Lacombe Against Racism was a peaceful protest against systemic and overt discrimination in central Alberta and around the world. (Todd Colin Vaughan/LACOMBE EXPRESS)

Lacombe Against Racism was a peaceful protest against systemic and overt discrimination in central Alberta and around the world. (Todd Colin Vaughan/LACOMBE EXPRESS)

Hundreds turn out for Lacombe Against Racism peaceful protest

Event held in solidarity with protests around the world

Over 300 people came out to Lacombe Against Racism to hear the experiences of Black, Indigenous and People of Colour in central Alberta.

The peaceful protest was in solidarity of the Black Lives Matter movements happening around the globe and was also a way to address overt and systemic racism around Lacombe and Alberta.

Alden Boysis, one of the speakers, said it was the first time he has ever been able to use his voice.

“I was taught from a young age to not speak. I have been taught to be the token Indigenous person and just carry on,” he said.

Boysis spoke about creating a better world for his twin children.

“They are two years old and I don’t want a future like this for my kids. I want them to grow up in a country where everyone is equal, no one is hating and is about positivity,” he said.

Boysis hopes the message people took from the event was that if you see racism, you should do something about it.

“Don’t let it continue and stand there videotaping it. Step in. We are better than this. It is not the 60s, 50s, or the 40s. I have kids and I don’t want them to see someone get beat up just because they are different. They deserve to know love, happiness and unity and I think Canada can be better, it should be better and I really hope it will be better,” he said.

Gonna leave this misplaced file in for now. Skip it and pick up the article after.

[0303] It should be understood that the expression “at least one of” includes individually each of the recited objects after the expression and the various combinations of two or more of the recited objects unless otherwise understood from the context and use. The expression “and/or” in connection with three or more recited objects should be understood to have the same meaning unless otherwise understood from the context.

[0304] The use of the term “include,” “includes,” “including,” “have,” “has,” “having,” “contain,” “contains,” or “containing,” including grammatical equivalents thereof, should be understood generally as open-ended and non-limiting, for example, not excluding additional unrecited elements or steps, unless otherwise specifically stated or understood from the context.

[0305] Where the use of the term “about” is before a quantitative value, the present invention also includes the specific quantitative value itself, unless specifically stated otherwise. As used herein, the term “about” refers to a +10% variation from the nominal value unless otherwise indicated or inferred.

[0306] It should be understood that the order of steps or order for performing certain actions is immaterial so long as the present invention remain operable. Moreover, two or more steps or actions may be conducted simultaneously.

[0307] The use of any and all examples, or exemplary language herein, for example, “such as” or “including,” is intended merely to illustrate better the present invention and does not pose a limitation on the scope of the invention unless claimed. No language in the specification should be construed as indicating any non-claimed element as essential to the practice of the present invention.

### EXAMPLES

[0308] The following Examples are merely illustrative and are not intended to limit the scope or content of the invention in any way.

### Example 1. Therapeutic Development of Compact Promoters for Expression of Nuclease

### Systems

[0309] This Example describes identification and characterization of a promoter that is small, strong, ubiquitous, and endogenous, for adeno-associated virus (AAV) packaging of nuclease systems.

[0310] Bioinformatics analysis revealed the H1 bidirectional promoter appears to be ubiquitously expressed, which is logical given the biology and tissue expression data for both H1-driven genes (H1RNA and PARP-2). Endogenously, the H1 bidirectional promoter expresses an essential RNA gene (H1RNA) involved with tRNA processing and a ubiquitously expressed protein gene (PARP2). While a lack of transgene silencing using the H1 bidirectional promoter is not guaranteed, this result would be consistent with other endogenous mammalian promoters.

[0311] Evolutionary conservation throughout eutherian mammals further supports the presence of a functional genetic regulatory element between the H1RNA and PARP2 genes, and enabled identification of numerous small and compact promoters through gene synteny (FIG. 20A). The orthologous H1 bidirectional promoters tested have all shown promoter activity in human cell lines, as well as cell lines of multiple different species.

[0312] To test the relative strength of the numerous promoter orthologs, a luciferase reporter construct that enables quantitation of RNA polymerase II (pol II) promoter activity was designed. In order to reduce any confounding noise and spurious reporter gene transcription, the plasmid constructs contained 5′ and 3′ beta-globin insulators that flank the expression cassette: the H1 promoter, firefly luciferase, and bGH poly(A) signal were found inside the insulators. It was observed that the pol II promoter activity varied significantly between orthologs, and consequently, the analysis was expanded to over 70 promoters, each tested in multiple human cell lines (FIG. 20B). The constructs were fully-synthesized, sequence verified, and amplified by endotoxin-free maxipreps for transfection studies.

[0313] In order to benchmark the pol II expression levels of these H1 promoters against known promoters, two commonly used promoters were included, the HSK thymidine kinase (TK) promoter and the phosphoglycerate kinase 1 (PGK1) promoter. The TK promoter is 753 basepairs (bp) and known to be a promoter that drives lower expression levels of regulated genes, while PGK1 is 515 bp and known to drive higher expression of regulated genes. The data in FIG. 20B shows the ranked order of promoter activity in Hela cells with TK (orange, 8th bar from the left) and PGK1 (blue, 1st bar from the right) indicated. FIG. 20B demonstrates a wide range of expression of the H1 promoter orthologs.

Boysis feels these protests are different that previous protests and will make a difference.

“My kids don’t know I am fighting for them but I am fighting for them and it makes it worth while. It’s one day at a time but I believe there could be change for the better,” he said.

Cheryl Baptiste grew up and Lacombe and said she felt the negative affects of racism.

“Almost every community we have moved to we have been told things like we should go back home,” she said.

Baptiste said it was important for her to speak up as an Indigenous woman because she still feels fear walking in the streets.

“Just yesterday my mom was telling me I need to watch my back. I don’t want this to be the rest of my life. I am not even 24 and it is not fair to me as a person when I am no different than anyone else,” she said.

Baptiste was surprised to see the large turnout in Lacombe, especially given some of the negative comments on the event’s Facebook page.

“I wasn’t surprised to see that stuff, but when I saw the turnout — I felt this was above and beyond,” she said.

Baptiste said she is working with different human rights groups through the community and she wants to continue to be educate people on the ills of racism.

Dieulita Datus, part of Ubuntu: Mobilizing Central Alberta which was the group that organized the event, said it was amazing to see so many people come out in her home town of Lacombe.

Despite the large turnout, Datus said systemic racism isn’t something that goes away in a day.

“You can’t dismantle something that has been around for so long in a day. We will keep the conversation going for as long as we can,” she said.

Datus thanked everyone who came out and said it is important to continuing sharing stories going forward.

“So many stories are coming out and so many people have reached out to me through social media to say they would like to be involved. That is how it continues,” she said.



todd.vaughan@lacombeexpress.com

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